# Bounded Subsets of a Metric Space

• gajohnson
In summary, the homework statement is saying that for a subset E of a metric space X to be bounded, there must exist a q in X and an M>0 such that d(p,q)<M for all p in E. If E is not bounded, then it cannot be demonstrated that it is compact.
gajohnson

## Homework Statement

Let X be a metric space and let E be a subset of X. Show that E is bounded if and only if there exists M>0 s.t. for all p,q in E, we have d(p,q)<M.

## Homework Equations

Use the definition of bounded which states that a subset E of a metric space X is bounded if there exists a q in X and an M>0 s.t. d(p,q)<M for all p in E.

## The Attempt at a Solution

Proof (so far):
Let E be bounded. Then there exists M/2>0 and x in X s.t. d(p,x)<M/2 for all p in E.
Now, take arbitrary p,q in E and observe that:
d(p,q) ≤ d(p,x)+d(x,q) < M/2+M/2= M
Thus, d(p,q)<M for all p,q in E.

Now, I'm getting hung up on the second part of the proof, but I feel as if it shouldn't be hard. I think I've just been staring at this for too long at this point. Any advice as to how I ought to start going in the opposite direction would be greatly appreciated. I considered trying to show that E is compact (and would therefore be closed and, more importantly, bounded), but I'm not sure that's the best route or if it's awfully easy to do.

Thanks!

Last edited:
A bounded set is not compact in general. So you won't be able to show that E is compact.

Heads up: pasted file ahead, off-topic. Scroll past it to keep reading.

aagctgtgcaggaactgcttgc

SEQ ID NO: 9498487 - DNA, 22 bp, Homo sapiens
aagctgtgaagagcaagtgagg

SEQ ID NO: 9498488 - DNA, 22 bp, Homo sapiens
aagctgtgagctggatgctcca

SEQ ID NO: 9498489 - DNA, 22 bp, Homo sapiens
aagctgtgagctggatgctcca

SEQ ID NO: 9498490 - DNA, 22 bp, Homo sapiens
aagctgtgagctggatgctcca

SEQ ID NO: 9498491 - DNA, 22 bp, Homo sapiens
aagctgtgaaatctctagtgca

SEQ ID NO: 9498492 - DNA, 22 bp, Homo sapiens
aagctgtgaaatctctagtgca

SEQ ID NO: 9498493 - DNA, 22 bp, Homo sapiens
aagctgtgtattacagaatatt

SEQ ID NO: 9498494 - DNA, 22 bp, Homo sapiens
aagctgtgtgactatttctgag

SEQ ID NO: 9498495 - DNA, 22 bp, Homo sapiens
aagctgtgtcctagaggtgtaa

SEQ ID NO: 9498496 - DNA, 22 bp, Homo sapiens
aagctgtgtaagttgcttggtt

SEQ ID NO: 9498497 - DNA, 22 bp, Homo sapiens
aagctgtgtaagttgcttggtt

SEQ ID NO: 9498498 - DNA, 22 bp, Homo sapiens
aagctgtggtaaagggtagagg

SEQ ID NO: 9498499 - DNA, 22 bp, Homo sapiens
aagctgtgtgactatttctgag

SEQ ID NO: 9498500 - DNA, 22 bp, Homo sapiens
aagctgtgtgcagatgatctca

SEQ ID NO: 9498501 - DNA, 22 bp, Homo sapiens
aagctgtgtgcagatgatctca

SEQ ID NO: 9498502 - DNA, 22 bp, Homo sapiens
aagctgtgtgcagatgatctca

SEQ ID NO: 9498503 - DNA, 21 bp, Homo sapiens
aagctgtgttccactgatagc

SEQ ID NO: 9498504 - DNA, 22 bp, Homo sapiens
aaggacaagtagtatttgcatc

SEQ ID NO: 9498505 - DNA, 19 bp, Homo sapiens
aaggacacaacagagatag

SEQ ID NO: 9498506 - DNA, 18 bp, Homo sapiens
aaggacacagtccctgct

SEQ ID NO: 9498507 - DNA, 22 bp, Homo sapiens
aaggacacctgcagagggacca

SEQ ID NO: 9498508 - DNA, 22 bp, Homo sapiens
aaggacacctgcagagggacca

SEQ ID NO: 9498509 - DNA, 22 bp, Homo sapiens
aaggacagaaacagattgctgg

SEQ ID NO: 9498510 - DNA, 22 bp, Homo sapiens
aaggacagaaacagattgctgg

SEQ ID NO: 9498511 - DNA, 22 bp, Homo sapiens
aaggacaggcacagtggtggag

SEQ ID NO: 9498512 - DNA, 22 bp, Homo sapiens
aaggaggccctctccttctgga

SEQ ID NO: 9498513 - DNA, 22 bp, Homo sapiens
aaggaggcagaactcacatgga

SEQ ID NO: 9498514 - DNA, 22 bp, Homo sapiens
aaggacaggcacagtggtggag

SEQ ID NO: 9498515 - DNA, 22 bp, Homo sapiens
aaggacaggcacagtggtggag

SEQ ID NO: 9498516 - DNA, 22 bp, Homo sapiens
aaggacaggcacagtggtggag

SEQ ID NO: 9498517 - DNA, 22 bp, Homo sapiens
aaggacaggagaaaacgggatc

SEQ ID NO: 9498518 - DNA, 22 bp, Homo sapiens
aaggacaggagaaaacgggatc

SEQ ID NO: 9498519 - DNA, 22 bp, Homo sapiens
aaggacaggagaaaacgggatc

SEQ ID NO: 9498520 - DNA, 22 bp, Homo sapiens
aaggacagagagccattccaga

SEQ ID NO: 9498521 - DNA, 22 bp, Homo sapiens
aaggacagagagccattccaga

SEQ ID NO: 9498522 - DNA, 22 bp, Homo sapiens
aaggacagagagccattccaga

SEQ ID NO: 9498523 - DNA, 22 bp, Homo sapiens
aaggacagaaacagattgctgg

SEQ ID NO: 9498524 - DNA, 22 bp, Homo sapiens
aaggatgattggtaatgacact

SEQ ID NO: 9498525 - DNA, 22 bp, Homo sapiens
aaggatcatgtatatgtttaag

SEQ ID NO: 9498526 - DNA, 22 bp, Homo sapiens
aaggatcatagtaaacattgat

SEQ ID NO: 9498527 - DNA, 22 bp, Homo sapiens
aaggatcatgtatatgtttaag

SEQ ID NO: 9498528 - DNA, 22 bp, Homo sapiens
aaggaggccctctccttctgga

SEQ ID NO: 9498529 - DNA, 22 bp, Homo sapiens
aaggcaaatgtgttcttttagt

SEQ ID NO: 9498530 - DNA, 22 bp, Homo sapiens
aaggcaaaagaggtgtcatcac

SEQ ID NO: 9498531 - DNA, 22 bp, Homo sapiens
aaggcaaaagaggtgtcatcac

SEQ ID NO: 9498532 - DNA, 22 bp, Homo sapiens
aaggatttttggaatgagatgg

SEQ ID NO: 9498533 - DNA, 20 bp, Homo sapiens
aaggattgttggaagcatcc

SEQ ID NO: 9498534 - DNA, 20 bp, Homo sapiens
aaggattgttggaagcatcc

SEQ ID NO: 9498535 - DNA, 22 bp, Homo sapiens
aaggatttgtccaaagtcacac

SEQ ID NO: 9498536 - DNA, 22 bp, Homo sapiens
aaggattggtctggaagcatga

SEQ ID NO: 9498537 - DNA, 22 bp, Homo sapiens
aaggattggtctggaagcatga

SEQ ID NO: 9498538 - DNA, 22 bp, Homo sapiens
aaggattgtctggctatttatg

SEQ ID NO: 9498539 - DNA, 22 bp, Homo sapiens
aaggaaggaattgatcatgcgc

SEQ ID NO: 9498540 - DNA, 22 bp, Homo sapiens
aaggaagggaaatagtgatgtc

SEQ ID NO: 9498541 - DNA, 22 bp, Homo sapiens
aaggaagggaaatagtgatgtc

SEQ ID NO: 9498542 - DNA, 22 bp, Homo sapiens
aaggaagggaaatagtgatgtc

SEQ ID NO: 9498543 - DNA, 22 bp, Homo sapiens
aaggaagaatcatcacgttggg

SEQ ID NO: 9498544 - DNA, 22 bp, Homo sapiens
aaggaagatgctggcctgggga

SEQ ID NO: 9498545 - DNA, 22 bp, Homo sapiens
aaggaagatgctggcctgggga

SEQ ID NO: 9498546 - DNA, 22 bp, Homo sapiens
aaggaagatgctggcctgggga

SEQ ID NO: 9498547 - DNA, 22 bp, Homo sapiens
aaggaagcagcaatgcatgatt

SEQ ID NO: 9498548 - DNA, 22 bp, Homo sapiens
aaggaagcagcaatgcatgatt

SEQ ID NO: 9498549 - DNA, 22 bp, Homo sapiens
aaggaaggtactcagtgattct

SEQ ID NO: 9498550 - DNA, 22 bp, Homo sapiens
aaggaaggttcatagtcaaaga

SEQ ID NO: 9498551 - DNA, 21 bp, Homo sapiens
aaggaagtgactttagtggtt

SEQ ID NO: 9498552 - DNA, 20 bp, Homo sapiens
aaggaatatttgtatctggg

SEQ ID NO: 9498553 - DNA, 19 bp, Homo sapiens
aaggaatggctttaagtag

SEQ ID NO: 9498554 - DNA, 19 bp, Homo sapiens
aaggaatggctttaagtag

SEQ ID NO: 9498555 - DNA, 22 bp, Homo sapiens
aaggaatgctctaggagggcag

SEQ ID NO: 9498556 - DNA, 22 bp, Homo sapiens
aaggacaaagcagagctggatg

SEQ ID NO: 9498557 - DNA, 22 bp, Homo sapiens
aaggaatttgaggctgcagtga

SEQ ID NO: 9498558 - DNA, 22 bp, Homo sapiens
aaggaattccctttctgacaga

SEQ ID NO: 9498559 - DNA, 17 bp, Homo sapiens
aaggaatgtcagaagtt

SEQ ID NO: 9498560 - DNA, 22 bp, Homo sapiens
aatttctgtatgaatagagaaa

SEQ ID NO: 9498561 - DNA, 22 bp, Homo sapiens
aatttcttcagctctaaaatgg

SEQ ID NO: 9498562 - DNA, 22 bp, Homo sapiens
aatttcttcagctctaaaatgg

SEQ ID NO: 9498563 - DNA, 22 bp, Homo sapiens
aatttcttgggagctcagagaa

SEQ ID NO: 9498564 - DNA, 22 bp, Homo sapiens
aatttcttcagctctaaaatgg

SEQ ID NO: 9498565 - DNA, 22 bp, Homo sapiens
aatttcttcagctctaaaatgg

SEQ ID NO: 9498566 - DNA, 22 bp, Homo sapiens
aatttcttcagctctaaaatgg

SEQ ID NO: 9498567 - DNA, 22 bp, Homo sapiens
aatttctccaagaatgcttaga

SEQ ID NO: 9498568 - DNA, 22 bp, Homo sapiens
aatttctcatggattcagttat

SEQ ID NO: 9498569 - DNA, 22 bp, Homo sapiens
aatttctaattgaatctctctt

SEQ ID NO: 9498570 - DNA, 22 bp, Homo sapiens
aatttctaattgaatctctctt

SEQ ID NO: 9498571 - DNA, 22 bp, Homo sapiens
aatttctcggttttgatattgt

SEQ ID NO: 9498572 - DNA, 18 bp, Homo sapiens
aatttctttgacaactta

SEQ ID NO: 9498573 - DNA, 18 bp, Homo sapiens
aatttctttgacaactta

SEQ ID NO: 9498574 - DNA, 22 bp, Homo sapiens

Try to pick an arbitrary element p in E. What is the distance from p to the other points in E?

micromass said:
A bounded set is not compact in general. So you won't be able to show that E is compact.

Try to pick an arbitrary element p in E. What is the distance from p to the other points in E?

You're right, not sure what I was thinking there.

Yes, as I looked at it again I just reached that conclusion before I saw your response. I suppose I overlooked that because it's so obvious!

Is it as simple as picking any q in E? Then q is in X and d(p,q)<M for all p in E.

Thanks!

Doesn't work if E is empty though, so you want to treat that in a special case.

micromass said:
Doesn't work if E is empty though, so you want to treat that in a special case.

Ah, of course.

## 1. What is a bounded subset of a metric space?

A bounded subset of a metric space is a set of points that are contained within a certain distance, known as the bound, from a fixed point in the space. The bound can be any positive real number, and it determines the size and shape of the bounded subset.

## 2. How is a bounded subset different from an unbounded subset?

A bounded subset has a finite size and is contained within a specific distance from a fixed point, while an unbounded subset has an infinite size and does not have a specific distance from a fixed point. In other words, a bounded subset is limited in size and location, while an unbounded subset has no such limitations.

## 3. What is the significance of bounded subsets in mathematics?

Bounded subsets are important in mathematics because they allow us to define and study properties of sets in a more precise way. They also have applications in various branches of mathematics, such as real analysis and topology, and are used to prove important theorems and solve problems.

## 4. Can a bounded subset have an unbounded subset?

Yes, a bounded subset can have an unbounded subset. This is because the bound only applies to the entire set, not to subsets within it. So, while the original set may be bounded, some of its subsets may not be bounded.

## 5. How do you determine if a subset is bounded in a metric space?

To determine if a subset is bounded in a metric space, you need to find a bound, or a positive real number, such that all points in the subset are within that distance from a fixed point in the space. This can be done by calculating the distance between the points in the subset and comparing them to various bound values until a suitable bound is found.

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